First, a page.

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It was the day of my birthday. Very early that morning I went jogging and as I was coming back I came past my local garage who had placed this beauty at the very front. I hadn't seen it there before, but it made me start jogging on the spot so that I could check it out.
The price of £2000 was a bit of a shock actually, the car looked so good and the overall condition and milleage was excellent. So I went home to do some research on this car.
I was surprised to find out that the Paseo was not actually one of the most popular cars to have been imported to the UK. In fact, sales were killed by more amusing rivals such as the Renault Megane Coupe. But for the used buyer, me and you, this translates to a couple of benefits:
Firstly, residuals wont stand up as well, which makes this Toyota a relatively inexpensive used buy.
Secondly, you will also gain some aspect of exclusivity! Think about it. When was the last time you saw one coming the other way? This car is compact, sporty looking and very sexy-lined. With all of the traditional benefits of the Toyota ownership package, I was really puzzled as to why this car did not become a best seller.
The Paseo is a neatly styled, and perhaps, bland little coupe. The overall effect is of a slightly smoother and less butch Rover200/coupe. Electric front windows, twin airbags, removable glass sunroof and an alarm immobiliser are all standard equipment on the ST version but the interiors are the usual Toyota fare of unimaginative plastics and trim materials.
The Si version added a rear spoiler, alloy wheels and a Sony CD system. There is a plethora of websites on the net dedicated on all sorts of nip and tuck that people have done to their Paseo and I must say some looked very impressive. But for some reason, showroom appeal was always a problem with the Paseo, compared to the Hyundai & Renault Megane Coupe ranges that offer better targeted and marketed products.
Many dealers actually don't have a clue what to pay for one, and many will scratch their heads when they consult their trade price guides. An early Paseo ST on 1996 N-plates can be picked up for around £2,300 even thought I bought mine for £2000 (just plain luck on the day of my birthday!), with even the final 1997 P-registered cars going for £2,600. The Si model, which is the later model, is worth around £200 more, with the last of these cars, a 1998 R-plated edition, reaching around £3,100.
Due to their rarity, it may be a long while before a Paseo becomes available, and Toyota franchised dealers are probably the best method of sourcing an honest example.
As a first time driver, it was extremely important to make sure that I wasn't going to go bankrupt by insuring this baby. To my surprise, the quote that I got was just £50 more than I got for a Ford Fiesta! Insurance for the Paseo is extremely reasonable, with the ST rated at Group 6, and the Si at Group 7.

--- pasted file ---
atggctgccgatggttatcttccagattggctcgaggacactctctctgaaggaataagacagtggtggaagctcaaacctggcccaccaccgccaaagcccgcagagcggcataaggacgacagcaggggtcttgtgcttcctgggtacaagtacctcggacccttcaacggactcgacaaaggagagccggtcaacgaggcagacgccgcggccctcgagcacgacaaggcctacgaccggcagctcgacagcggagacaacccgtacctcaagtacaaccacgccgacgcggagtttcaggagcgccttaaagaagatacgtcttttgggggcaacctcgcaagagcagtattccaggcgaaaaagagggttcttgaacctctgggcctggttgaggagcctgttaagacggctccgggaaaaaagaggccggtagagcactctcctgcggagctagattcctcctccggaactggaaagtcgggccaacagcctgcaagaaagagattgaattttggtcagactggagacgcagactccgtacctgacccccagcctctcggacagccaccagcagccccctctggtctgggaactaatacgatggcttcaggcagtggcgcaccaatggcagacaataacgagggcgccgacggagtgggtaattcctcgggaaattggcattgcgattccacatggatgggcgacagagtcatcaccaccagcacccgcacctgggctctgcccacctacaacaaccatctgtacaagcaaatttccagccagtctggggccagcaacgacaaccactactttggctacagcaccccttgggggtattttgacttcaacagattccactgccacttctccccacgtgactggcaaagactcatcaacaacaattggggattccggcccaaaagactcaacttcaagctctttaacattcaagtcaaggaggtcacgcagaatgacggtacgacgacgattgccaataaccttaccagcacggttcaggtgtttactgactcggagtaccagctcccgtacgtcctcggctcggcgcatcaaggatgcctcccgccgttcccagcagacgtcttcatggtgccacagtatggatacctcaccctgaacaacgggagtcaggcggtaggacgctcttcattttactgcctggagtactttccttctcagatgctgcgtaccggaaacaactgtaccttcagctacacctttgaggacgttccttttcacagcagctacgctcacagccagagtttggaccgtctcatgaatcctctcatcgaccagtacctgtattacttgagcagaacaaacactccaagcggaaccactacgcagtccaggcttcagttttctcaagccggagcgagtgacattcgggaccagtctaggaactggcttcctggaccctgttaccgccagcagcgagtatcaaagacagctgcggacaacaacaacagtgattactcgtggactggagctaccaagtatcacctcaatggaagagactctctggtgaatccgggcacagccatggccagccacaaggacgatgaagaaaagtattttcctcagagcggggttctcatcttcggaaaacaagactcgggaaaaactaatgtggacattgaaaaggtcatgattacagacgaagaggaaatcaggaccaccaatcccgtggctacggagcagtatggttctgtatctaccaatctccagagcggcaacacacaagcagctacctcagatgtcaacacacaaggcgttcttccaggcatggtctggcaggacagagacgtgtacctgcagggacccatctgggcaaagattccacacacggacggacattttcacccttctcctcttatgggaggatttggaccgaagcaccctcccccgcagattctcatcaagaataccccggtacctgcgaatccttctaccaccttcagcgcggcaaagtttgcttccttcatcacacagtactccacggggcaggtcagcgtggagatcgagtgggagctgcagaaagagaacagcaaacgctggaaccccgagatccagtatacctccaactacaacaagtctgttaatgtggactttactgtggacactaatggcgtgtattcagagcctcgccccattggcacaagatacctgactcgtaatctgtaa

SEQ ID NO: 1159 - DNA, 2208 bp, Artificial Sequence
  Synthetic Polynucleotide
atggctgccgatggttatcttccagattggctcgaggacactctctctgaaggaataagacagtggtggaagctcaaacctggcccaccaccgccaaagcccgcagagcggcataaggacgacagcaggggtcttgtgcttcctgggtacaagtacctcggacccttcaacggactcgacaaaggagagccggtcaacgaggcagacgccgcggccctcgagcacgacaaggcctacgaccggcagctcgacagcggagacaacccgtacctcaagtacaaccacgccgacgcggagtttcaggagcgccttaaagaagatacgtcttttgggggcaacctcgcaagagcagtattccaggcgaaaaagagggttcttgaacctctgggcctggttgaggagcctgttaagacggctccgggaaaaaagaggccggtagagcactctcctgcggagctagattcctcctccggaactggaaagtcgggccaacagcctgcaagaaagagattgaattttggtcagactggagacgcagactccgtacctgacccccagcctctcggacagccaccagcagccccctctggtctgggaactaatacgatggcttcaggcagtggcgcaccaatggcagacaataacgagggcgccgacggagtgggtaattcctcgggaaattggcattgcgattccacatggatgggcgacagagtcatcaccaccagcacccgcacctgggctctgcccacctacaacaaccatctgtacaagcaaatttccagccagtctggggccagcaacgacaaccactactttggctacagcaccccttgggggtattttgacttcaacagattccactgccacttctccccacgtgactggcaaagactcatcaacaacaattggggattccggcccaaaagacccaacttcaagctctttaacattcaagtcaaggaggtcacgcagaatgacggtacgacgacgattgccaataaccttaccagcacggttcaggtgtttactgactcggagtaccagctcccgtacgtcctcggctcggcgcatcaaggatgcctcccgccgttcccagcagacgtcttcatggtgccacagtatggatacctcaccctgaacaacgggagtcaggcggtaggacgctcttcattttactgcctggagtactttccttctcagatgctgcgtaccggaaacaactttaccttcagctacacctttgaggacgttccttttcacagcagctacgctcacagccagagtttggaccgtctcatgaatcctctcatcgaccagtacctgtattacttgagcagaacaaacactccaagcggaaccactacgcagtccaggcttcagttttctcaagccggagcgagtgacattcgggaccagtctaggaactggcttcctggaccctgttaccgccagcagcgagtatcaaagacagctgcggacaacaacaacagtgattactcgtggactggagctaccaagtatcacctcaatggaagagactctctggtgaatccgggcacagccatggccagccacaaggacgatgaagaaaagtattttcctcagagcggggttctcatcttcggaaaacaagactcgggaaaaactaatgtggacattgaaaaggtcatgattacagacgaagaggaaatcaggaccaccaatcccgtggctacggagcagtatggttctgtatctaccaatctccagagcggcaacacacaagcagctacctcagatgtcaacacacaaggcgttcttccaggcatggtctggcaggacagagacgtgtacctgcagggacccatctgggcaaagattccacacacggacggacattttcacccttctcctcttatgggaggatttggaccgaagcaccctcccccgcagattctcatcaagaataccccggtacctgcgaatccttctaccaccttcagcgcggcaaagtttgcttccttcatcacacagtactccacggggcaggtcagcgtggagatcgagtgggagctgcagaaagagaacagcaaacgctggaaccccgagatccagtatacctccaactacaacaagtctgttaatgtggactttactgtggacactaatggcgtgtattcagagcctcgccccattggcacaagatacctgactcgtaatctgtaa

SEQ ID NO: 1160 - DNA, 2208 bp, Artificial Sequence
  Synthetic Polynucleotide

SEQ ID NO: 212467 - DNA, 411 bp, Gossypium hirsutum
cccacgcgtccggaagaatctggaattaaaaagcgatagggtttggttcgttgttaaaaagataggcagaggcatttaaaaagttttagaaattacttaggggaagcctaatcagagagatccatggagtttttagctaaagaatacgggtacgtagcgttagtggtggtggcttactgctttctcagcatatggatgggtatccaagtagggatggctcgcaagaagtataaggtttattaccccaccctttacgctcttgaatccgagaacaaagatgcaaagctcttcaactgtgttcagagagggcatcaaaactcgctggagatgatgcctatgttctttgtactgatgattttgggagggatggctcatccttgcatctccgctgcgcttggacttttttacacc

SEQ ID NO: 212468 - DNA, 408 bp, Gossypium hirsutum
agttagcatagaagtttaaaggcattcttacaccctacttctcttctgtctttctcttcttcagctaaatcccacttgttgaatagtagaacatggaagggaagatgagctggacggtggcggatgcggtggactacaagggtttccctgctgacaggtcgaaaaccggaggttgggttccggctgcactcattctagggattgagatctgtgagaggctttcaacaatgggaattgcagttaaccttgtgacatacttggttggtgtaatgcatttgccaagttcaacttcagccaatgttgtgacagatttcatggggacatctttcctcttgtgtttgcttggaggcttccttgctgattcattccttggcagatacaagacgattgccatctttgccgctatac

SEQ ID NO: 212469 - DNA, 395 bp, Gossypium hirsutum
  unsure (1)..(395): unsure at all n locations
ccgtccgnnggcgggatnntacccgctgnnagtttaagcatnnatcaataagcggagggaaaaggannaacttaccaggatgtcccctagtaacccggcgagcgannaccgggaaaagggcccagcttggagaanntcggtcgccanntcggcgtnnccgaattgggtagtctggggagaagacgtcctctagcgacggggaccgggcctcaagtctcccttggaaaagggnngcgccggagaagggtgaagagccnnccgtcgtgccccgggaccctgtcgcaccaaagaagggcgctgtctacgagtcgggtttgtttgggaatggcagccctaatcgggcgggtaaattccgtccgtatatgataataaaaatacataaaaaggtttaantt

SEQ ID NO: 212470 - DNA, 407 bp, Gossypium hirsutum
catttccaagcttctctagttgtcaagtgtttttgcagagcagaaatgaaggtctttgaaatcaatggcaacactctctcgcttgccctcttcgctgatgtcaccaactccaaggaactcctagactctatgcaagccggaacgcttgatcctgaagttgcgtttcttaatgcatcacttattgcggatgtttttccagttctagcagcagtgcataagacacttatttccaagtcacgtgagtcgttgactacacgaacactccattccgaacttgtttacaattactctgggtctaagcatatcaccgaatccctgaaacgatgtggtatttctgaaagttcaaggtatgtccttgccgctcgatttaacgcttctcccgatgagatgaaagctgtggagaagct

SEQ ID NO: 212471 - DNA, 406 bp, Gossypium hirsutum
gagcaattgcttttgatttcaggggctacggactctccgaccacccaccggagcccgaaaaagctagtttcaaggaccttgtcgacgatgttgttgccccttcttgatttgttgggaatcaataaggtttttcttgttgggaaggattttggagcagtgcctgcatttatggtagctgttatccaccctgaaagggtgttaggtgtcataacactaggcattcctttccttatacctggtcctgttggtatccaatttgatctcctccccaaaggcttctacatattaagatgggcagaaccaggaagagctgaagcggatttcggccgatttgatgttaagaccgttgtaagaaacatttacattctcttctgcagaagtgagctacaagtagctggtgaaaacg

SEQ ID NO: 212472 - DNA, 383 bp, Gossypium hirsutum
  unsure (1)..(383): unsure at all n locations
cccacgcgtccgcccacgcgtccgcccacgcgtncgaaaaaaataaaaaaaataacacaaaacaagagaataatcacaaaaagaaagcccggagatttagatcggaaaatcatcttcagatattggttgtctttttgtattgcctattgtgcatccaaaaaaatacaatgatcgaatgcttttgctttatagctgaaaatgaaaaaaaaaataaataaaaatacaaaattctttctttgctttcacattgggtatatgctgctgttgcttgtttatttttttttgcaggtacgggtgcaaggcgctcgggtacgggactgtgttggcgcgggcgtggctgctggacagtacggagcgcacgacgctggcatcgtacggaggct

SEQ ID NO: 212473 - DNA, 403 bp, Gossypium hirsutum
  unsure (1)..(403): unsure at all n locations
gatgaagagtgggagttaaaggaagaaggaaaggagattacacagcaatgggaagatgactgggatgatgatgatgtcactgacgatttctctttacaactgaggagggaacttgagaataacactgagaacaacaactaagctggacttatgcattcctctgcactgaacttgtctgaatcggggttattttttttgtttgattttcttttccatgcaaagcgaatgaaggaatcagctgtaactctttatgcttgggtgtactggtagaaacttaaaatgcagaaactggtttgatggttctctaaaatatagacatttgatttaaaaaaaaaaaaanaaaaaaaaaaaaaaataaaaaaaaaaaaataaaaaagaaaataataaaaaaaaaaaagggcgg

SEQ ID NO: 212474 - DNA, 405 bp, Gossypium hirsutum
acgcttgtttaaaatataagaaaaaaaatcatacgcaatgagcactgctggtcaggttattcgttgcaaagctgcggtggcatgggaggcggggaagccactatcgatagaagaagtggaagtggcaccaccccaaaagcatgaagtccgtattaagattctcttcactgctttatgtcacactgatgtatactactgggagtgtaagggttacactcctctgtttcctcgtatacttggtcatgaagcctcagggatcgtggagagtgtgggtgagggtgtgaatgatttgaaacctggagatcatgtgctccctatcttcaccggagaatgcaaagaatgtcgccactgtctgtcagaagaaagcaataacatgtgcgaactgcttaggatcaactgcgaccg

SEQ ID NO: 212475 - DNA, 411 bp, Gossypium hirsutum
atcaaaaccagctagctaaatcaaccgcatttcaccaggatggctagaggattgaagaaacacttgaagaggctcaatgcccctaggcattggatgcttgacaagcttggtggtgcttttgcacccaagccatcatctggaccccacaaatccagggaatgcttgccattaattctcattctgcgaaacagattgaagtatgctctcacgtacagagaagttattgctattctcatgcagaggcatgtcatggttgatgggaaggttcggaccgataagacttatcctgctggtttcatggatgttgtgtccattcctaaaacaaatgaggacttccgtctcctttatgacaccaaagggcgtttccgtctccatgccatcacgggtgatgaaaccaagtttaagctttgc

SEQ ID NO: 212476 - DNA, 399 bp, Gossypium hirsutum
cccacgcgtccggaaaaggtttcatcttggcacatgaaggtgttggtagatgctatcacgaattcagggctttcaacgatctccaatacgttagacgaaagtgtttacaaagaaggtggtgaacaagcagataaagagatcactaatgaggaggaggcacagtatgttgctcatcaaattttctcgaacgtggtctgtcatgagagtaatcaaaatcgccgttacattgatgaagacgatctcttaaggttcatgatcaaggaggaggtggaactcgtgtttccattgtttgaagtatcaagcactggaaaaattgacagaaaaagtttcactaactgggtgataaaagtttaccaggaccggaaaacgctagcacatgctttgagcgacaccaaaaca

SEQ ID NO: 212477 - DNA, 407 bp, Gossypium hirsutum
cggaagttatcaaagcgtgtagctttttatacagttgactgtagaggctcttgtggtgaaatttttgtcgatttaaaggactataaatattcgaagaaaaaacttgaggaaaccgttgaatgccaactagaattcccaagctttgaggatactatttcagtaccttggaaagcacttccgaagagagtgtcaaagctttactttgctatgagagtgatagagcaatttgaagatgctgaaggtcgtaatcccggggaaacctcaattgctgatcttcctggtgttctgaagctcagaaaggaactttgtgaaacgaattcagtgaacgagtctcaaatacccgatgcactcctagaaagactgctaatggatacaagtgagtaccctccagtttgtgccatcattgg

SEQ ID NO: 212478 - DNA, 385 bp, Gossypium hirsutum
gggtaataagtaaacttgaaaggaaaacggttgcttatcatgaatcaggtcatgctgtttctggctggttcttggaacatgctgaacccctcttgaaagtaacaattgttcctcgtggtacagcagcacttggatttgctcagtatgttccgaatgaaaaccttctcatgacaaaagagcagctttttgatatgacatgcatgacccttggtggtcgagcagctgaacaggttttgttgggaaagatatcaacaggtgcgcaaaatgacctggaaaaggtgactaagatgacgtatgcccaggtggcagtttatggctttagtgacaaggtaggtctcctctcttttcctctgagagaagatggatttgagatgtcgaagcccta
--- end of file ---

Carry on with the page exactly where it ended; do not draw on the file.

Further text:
One area where the Paseo scores well is reliability. Of course, with it's specifications, it never appealed to the hardcore sport car drivers, nor did Toyotas idea of marketing it to a younger audience pay off. Most Paseos were bought by middle-aged empty-nester customers who appreciated reliability and a gentle nature. This particular coupe served those particular qualities up in spades.
Therefore it makes a safe used buy. Look for a full service history and buy assured that somebody else took the financial hit from the Paseos quick initial depreciation. But since it is one of the lower volume sellers in the Toyota range, the Paseo has some parts prices that you should consider. £400-£500 for a new exhaust system and about £350-£400 for an alternator. Not the most expensive around, but nonetheless nearing the top of the price range for a budget coupe.
Fortunately though, other parts prices are more affordable. A new radiator or a new starter motor both retail at around £230, whilst a new clutch assembly is about £175. Front brake pads are £40, and rear shoes are about £35 a pair. Those narrow headlamp units are a mere £90 each to replace, a lot cheaper than many more mainstream rivals.
Part of the fun of a sports coupe is svelte handling, and the Paseo plays the part reasonably well. It is an enjoyable car on a twisting road, and its mild handling characteristics make for added safety in emergency manoeuvring situations. Push harder though, and the little Toyota starts to show its more humble origins. Torque steer, often a problem in sporty front-wheel drive cars, is not a problem here due in no small part to the modest power output.
Nevertheless, comfort is not compromised for handling, and good shock damping, low levels of wind noise, decent soundproofing, and good luggage capacity for two make the Paseo a good A-road cruiser or commuter. The 1.5-litre four-cylinder engine is a 16-valve unit tuned for torque and flexibility rather than maximum power, endowing the car with a languid nature. Despite this, there was never an automatic gearbox option for UK buyers. This would have, indeed, made a fine accompaniment to the relaxed Paseo.
It is true that many of the Paseos rivals hold more instant enticement. However, if you're after something that is a bit different, it's a safe and reliable used buy. It also represents a significant saving on new prices, which makes buying a Paseo not such an odd option. Just be prepared to put up with blank looks when you tell people what you've arrived in!
I am, to this day, very pleased that I bought this car and I actually feel more than lucky that it came my way on the day of my birthday.